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Review: Lights Out – “A genuinely scary villain”

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To find darkness inherently scary is human. Despite the irrationality we have all felt vulnerable in the pitch black of the evening when things go bump in the night. It’s this darkness where the unknown exists, a concept made literal in Director David F. Sandberg’s first feature film Lights Out. It follows a family plagued by a spectre only visible in darkness. An otherworldly silhouette that disappears once the lights are turned on. Stay in the light and you are safe but find yourself in the dark and you are at its mercy.

This chilling premise was first realised as a short film which impressed producer James Wan (Saw, The Conjuring) enough to expand it into a feature length film. Sandburg doesn’t wait to show us the rules of this deadly ghoul. The chilling opening finds a poor soul haunted in a creepy factory when the lights go out. As he runs into a corridor with intervals of light, we see how this thing can only affect him in the darkness.

It’s a simple concept, ruthless in its ability to scare. Helped by some inventive visuals it can be genuinely creepy. A humanoid silhouette with long creeping fingers and Jawa like eyes dully shining as it scratches the floor at the foot of a bed. The film uses this premise for some nice touches which involve various types of light, torches, car headlights and UV lights to name a few. These are playful but more could have definitely been explored here as it has the potential to be a more memorable horror monster.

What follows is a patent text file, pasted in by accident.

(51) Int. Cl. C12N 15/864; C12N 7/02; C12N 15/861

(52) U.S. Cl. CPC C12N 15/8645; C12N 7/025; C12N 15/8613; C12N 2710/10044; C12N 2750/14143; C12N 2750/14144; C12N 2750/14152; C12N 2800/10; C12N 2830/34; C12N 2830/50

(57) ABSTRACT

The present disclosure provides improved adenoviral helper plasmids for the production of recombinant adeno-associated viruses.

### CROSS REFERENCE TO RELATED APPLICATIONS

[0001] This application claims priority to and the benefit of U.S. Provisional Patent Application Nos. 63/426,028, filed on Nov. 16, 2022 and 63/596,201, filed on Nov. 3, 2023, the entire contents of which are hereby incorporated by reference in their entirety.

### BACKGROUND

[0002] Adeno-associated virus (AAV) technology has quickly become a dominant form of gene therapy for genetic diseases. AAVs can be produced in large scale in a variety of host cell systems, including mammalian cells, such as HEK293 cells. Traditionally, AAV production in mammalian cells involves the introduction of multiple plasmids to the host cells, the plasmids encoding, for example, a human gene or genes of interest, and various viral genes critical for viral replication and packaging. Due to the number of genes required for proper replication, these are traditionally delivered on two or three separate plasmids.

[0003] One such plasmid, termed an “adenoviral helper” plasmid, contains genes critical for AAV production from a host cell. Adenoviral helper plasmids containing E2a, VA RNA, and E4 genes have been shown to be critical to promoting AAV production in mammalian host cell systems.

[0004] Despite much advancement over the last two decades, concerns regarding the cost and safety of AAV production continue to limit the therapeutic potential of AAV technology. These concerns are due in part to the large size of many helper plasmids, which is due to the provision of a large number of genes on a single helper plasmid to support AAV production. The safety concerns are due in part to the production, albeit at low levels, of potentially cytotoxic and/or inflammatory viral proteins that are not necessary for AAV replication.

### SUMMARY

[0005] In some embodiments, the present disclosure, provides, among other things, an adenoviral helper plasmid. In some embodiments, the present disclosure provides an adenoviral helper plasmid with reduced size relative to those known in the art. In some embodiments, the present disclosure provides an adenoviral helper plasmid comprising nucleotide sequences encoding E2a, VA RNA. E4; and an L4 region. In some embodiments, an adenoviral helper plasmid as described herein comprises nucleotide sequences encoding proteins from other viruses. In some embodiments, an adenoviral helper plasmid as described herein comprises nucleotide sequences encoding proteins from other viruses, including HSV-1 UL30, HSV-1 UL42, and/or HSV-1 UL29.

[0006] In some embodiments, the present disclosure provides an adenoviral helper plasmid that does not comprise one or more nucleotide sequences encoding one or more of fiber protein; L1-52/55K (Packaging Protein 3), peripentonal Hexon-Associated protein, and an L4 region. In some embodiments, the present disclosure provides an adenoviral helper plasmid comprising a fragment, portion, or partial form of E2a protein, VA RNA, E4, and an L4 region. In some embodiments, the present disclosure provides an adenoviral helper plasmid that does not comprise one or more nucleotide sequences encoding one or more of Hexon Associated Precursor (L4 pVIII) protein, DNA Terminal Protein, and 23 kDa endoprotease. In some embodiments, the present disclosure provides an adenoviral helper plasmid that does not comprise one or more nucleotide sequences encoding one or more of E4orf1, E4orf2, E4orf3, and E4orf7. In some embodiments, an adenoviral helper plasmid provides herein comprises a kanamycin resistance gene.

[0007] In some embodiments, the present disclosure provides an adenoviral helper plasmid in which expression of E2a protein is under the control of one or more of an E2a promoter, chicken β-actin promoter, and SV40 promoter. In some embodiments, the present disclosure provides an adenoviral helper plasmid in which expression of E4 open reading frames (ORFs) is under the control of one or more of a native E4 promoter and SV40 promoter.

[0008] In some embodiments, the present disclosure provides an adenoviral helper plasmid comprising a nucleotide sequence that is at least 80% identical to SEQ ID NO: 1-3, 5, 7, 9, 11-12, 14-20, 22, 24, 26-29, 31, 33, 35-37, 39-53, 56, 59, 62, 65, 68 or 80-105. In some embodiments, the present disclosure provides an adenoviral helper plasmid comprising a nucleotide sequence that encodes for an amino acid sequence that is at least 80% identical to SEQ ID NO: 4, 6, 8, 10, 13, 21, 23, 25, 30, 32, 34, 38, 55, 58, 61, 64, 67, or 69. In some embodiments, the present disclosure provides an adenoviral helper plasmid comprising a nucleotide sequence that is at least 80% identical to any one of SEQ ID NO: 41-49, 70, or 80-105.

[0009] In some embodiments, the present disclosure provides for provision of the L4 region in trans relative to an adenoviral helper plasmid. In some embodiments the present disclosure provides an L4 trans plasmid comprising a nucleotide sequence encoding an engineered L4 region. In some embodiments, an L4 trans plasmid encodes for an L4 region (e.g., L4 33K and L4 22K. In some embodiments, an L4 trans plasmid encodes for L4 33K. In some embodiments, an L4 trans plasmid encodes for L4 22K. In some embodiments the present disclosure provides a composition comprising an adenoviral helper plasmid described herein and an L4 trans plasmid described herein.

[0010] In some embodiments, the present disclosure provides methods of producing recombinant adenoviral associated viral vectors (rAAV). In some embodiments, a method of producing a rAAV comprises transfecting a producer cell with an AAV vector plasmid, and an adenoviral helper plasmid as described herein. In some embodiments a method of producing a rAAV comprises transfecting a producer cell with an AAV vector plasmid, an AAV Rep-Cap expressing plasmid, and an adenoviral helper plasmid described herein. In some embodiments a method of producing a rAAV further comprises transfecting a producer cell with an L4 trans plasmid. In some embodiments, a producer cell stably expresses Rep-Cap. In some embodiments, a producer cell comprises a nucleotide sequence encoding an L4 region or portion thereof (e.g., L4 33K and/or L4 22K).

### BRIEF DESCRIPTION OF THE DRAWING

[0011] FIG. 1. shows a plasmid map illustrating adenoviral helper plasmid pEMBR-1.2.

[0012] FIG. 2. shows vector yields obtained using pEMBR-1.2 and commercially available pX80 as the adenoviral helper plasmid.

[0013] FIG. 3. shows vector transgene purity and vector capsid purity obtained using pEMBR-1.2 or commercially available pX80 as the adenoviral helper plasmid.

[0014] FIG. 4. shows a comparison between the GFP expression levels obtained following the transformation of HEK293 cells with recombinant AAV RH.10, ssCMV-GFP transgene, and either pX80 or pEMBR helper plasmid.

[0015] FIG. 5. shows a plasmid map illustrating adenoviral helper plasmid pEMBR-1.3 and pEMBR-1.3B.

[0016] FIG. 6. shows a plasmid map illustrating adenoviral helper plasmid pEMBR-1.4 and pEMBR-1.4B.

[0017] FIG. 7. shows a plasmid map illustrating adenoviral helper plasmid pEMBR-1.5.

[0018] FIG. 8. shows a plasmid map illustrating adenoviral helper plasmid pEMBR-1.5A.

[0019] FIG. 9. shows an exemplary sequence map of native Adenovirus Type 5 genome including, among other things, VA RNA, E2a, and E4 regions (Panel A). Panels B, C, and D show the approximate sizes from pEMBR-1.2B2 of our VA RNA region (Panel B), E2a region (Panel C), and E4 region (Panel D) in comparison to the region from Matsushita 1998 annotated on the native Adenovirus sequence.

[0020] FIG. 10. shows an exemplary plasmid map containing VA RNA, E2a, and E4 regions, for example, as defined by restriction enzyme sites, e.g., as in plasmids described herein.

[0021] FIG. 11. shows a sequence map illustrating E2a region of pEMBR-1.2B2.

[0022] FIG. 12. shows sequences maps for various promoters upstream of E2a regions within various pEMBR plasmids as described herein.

The expansion of run time (which is still quite short coming in at around 80 minutes) allows for an attempt at a richer plot. This follows young Martin (Gabriel Bateman) and his mother (Maria Bello) who is suffering from depression. Martin starts to see a ghost in the dark only to find his mother actually talking to it. Scared he calls for reinforcements in the form of his sister (Teresa Palmer) and her boyfriend (Alexander DiPersia) to discover what this thing is and how to stop it.

The acting in general is a bit of a mixed bag but this is more a result of the script which has problems in effectively explaining the backstory. It suffers due to some unsubtle dumps of background information and throw away dialogue due to the sheer explanation of why all this is happening.

There is some meaning within the plot but it gets muddled in this exposition and mythology. Lights Out could be a parable about the effects of depression on maternal bonds, the beast a manifestation of the shadow that mental illness can cast on a family. The film teases this but instead concentrates on jamming the convoluted backstory into the short run time. No one expects a horror film to be socially responsible, we want fun and scares but a bit more character probing would make the film all feel less one dimensional.

It’s this flaw that proves fatal. Along with some clunky exposition and bad dialogue it leaves us solely relying on the concept, one which is strong, but without the backup of more depth of character and story, means that towards the end it collapses under the weight of carrying the film. It is also a real shame as again the potential here has been squandered, with the additional story being so weak you might as well just watch the short film instead.

But you can’t judge a film by missed opportunities. In the end Lights Out certainly is far from perfect, it has clear flaws around its story but they aren’t enough to discard the film entirely. There is something here worth watching, it has a genuinely scary villain, a great concept and at times pushes for some good scares. It’s never going to be a classic but if you can put expectations of story to one side and just go along with the ride you might have some fun. Just leave the lights on when it’s finished.

3-out-of-5

Light’s Out is in UK cinemas from 18th August 2016.

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One Comment

  1. my son is 12 years old and saw this advert,at 8:00pm and is now scared about turning his bedroom light on. I really think this advert should be toned down,a bit or put on a bit later at night.

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